Johannesburg - Following their 2014 Currie Cup final defeat to Western Province, Golden Lions coach Johan Ackermann believes the weight of expectation will be heavy on the team.
Last year the Johannesburg side and WP were the clear in-form teams but Ackermann expects a tighter affair for the 2015 edition.
"It will always be difficult to say at the beginning of a season you want to perform the same as last year because every team will have the same hunger and goal of playing in the final," Ackermann said on Thursday.
"That is what makes the Currie Cup so unique, you don't know on the day which team will win because the teams are so close."
The Golden Lions won seven of their 10 matches in the round-robin phase last year before annihilating the Sharks in their semi-final at Ellis Park.
Missing five penalty conversion attempts the Lions suffered a 19-16 defeat to a determined WP side in the final in Cape Town.
Ackermann warned that while they would aim to replicate and exceed last year's Currie Cup successes the team composition would be different this time around.
"We have about 13 guys that are away and it is a new competition. Everybody is hungry and we will have to start from scratch to get to the level of last year," Ackermann said.
"We want to perform and the players that have played Super Rugby will hopefully continue with good performances but it will definitely give us an opportunity to blood new talent."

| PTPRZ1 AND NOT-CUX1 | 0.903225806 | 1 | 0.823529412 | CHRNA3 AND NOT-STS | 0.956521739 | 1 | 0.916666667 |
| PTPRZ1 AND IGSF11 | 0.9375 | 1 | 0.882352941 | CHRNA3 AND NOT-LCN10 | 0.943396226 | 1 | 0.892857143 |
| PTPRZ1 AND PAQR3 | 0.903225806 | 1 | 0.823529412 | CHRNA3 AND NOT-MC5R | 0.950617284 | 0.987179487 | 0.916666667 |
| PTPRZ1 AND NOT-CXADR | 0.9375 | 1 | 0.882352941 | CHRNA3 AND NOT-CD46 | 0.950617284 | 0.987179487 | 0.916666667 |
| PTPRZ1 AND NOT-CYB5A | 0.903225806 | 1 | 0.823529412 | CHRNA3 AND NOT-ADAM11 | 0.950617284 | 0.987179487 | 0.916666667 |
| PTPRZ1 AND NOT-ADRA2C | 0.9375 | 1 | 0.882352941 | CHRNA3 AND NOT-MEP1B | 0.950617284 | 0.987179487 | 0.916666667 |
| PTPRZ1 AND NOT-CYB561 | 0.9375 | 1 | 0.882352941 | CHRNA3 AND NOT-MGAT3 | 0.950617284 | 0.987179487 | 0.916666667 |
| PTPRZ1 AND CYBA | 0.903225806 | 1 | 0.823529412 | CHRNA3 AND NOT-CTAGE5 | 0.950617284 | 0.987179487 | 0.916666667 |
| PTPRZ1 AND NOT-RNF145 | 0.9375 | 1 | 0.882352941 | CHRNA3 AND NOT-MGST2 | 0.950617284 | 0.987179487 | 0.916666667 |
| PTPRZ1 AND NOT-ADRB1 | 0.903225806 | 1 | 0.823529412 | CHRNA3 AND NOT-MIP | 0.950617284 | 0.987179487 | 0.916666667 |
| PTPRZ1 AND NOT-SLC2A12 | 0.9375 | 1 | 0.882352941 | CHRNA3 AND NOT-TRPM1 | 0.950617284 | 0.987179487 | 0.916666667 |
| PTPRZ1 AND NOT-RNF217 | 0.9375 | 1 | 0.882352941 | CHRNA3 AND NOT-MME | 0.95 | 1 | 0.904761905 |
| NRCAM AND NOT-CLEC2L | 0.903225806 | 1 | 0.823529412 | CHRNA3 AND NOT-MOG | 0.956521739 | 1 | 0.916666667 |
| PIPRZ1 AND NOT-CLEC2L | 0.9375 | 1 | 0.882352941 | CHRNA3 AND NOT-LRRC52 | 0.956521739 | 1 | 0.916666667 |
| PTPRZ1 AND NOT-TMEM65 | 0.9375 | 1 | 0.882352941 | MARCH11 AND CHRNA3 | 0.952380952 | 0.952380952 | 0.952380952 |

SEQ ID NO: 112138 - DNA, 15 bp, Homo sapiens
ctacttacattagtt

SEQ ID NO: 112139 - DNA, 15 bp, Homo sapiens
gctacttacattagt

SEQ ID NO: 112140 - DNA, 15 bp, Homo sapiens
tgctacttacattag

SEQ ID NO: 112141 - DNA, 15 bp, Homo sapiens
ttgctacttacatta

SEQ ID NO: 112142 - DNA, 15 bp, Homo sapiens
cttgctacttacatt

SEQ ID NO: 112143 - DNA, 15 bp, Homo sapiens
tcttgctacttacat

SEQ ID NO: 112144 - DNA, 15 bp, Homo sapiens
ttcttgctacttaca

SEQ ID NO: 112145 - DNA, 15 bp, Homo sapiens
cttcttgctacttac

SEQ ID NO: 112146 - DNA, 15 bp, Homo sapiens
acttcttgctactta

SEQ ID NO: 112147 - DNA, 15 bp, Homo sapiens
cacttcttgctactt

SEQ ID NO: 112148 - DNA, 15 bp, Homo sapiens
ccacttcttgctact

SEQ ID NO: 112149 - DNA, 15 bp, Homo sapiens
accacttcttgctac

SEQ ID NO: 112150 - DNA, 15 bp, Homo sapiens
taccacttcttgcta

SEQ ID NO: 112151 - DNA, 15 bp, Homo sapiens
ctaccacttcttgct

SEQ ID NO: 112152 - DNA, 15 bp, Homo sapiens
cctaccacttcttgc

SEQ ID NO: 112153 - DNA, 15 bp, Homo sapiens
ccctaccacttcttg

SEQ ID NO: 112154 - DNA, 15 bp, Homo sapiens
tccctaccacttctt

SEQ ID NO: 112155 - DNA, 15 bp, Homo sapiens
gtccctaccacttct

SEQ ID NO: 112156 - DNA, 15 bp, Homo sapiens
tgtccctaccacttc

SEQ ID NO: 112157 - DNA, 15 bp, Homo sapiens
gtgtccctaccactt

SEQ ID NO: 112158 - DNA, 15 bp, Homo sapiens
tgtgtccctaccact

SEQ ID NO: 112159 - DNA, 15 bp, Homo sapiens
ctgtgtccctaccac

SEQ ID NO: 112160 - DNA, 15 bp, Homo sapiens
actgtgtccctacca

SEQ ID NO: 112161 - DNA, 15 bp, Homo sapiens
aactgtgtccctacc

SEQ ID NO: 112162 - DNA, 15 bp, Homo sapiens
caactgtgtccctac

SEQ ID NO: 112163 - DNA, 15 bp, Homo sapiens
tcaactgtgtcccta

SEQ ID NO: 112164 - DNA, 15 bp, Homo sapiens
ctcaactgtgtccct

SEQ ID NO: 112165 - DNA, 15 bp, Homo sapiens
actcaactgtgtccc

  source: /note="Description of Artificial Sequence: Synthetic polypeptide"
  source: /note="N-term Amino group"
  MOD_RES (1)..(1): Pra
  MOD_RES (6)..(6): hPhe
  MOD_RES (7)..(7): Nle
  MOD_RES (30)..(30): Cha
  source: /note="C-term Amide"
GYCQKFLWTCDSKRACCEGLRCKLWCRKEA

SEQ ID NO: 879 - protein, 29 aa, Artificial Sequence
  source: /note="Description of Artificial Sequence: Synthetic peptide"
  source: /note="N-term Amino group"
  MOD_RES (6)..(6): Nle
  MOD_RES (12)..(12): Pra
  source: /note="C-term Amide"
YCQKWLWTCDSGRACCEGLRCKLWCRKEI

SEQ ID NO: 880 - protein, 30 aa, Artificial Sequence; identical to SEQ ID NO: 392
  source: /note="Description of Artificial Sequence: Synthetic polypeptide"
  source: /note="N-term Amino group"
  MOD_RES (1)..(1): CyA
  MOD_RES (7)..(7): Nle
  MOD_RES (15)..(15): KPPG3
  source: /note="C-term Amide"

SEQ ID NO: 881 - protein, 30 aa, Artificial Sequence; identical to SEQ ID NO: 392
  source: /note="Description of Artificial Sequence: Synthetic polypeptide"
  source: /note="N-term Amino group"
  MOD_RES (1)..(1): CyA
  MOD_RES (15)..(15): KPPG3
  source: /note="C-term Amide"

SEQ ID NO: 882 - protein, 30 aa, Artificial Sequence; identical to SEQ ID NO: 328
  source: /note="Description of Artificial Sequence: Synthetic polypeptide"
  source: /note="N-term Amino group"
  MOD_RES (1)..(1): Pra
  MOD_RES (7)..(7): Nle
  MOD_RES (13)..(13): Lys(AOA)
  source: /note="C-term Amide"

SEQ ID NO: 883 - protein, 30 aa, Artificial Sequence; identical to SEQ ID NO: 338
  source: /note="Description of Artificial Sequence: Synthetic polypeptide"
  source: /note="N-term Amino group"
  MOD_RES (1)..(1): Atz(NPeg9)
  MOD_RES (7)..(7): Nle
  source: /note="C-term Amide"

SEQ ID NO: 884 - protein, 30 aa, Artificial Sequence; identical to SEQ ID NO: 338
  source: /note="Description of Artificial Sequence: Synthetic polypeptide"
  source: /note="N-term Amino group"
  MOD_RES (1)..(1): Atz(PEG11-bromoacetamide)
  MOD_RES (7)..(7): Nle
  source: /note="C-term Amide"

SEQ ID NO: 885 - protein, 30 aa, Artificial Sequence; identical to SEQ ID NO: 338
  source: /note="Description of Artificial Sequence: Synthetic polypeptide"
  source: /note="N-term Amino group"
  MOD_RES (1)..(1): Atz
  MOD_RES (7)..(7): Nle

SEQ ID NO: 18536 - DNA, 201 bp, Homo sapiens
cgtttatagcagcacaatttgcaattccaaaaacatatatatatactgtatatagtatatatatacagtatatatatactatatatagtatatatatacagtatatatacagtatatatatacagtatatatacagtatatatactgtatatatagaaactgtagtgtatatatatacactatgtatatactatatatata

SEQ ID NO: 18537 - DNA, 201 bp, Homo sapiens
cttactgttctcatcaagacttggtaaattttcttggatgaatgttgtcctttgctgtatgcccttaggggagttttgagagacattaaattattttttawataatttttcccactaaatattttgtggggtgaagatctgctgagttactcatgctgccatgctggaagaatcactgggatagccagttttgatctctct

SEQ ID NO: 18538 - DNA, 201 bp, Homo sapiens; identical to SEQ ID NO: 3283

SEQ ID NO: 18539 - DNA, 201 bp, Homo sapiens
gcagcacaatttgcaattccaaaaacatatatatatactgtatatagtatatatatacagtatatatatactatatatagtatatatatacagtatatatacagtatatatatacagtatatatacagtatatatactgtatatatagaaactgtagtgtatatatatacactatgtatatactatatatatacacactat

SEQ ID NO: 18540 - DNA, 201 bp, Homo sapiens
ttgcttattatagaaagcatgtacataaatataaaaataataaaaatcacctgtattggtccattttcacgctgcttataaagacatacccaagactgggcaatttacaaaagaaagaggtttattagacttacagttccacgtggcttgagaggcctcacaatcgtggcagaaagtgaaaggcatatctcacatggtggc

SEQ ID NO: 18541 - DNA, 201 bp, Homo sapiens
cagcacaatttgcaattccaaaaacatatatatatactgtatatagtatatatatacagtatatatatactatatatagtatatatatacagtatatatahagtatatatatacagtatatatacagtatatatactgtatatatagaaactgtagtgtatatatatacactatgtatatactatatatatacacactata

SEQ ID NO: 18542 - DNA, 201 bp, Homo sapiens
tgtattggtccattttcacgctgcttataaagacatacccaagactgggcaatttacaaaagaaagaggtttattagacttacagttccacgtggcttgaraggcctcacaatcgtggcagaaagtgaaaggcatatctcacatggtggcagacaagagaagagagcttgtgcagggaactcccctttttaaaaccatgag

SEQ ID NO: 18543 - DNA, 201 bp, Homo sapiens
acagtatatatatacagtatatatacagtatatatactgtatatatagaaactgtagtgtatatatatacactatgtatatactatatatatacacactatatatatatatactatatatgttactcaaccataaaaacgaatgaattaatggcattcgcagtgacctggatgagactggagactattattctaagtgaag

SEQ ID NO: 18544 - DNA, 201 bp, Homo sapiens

The Lions mentor believes the Currie Cup will allow him to test their depth while the search for loose forwards is one of his top priorities.
With Warwick Tecklenburg's departing for Japan and captain Warren Whiteley doing duty with the Springboks, fiery flank Jaco Kriel is one of the only stalwarts set to feature in the Currie Cup.
Should Whiteley be released from the national side he is likely to be roped in by the South African Sevens side, Ackermann said.
"There is a lot to play for as they can cement their places in the team and show us as senior coaches that they are the future of the Lions," he said.
"We can certainly strengthen our depth if a few guys put up their hands in the Currie Cup competition."
The dominating theme in this year's Currie Cup competition will be the introduction of an expansive game plan.
Ackermann's charges are no strangers to the ball-in-hand approach but he’ll be looking to experiment in a few areas of their game.
"We have a few plans we are working on and areas where we want to try a few things but the key remains to strike that balance," he said.
"It is great to hear the other teams would like to try new things because it means we are in for an exciting time in Currie Cup.
"In certain areas we want to renew and in others we would like to improve where we are not at a level we want to be."
While some observers have suggested the Currie Cup had developed into nothing more than a second-tier competition to Super Rugby, Ackermann believes there is still plenty of prestige attached to winning the title.
"We hold the Currie Cup in high regard with the tradition that is attached to it and the pride associated with being a winner of the competition," Ackermann said.
"It is where exciting rugby is played and it is as if teams play with a little bit more freedom in the Currie Cup and that is what the supporters would like to see.
"They enjoy that rugby and that is where you see the mix between youth and experience looking at all the teams.''